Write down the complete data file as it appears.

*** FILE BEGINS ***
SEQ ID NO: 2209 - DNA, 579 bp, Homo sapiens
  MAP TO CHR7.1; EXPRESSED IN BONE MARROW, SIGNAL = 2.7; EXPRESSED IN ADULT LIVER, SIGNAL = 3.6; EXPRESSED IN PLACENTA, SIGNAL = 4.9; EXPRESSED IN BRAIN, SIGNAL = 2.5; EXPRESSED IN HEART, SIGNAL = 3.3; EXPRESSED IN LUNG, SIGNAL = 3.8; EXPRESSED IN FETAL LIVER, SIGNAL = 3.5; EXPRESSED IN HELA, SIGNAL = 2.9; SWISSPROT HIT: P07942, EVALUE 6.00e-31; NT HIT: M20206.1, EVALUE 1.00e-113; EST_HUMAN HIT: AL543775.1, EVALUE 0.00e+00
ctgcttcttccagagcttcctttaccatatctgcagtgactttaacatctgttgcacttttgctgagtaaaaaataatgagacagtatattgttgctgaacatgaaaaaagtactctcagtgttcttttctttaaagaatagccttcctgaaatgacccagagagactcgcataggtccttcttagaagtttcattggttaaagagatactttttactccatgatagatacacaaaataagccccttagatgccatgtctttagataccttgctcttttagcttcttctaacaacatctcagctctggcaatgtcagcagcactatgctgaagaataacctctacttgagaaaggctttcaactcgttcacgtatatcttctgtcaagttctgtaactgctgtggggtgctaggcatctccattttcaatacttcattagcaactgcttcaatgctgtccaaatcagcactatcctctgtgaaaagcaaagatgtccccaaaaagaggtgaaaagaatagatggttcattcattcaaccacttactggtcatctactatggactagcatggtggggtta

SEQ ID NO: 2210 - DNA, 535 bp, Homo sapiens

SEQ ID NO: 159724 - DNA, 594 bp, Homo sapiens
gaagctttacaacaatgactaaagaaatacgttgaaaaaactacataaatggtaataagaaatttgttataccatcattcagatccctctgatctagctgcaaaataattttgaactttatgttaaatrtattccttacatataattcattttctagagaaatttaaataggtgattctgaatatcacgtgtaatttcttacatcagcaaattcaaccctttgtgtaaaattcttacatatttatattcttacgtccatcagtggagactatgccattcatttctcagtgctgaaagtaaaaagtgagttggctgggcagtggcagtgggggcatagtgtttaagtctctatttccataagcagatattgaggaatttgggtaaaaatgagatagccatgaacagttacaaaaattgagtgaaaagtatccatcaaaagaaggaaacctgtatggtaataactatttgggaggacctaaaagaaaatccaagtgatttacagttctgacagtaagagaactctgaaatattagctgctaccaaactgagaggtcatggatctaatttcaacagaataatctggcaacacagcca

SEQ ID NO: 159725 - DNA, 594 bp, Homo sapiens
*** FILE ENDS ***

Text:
SEQ ID NO: 2209 - DNA, 579 bp, Homo sapiens
  MAP TO CHR7.1; EXPRESSED IN BONE MARROW, SIGNAL = 2.7; EXPRESSED IN ADULT LIVER, SIGNAL = 3.6; EXPRESSED IN PLACENTA, SIGNAL = 4.9; EXPRESSED IN BRAIN, SIGNAL = 2.5; EXPRESSED IN HEART, SIGNAL = 3.3; EXPRESSED IN LUNG, SIGNAL = 3.8; EXPRESSED IN FETAL LIVER, SIGNAL = 3.5; EXPRESSED IN HELA, SIGNAL = 2.9; SWISSPROT HIT: P07942, EVALUE 6.00e-31; NT HIT: M20206.1, EVALUE 1.00e-113; EST_HUMAN HIT: AL543775.1, EVALUE 0.00e+00
ctgcttcttccagagcttcctttaccatatctgcagtgactttaacatctgttgcacttttgctgagtaaaaaataatgagacagtatattgttgctgaacatgaaaaaagtactctcagtgttcttttctttaaagaatagccttcctgaaatgacccagagagactcgcataggtccttcttagaagtttcattggttaaagagatactttttactccatgatagatacacaaaataagccccttagatgccatgtctttagataccttgctcttttagcttcttctaacaacatctcagctctggcaatgtcagcagcactatgctgaagaataacctctacttgagaaaggctttcaactcgttcacgtatatcttctgtcaagttctgtaactgctgtggggtgctaggcatctccattttcaatacttcattagcaactgcttcaatgctgtccaaatcagcactatcctctgtgaaaagcaaagatgtccccaaaaagaggtgaaaagaatagatggttcattcattcaaccacttactggtcatctactatggactagcatggtggggtta

SEQ ID NO: 2210 - DNA, 535 bp, Homo sapiens

SEQ ID NO: 159724 - DNA, 594 bp, Homo sapiens
gaagctttacaacaatgactaaagaaatacgttgaaaaaactacataaatggtaataagaaatttgttataccatcattcagatccctctgatctagctgcaaaataattttgaactttatgttaaatrtattccttacatataattcattttctagagaaatttaaataggtgattctgaatatcacgtgtaatttcttacatcagcaaattcaaccctttgtgtaaaattcttacatatttatattcttacgtccatcagtggagactatgccattcatttctcagtgctgaaagtaaaaagtgagttggctgggcagtggcagtgggggcatagtgtttaagtctctatttccataagcagatattgaggaatttgggtaaaaatgagatagccatgaacagttacaaaaattgagtgaaaagtatccatcaaaagaaggaaacctgtatggtaataactatttgggaggacctaaaagaaaatccaagtgatttacagttctgacagtaagagaactctgaaatattagctgctaccaaactgagaggtcatggatctaatttcaacagaataatctggcaacacagcca

SEQ ID NO: 159725 - DNA, 594 bp, Homo sapiens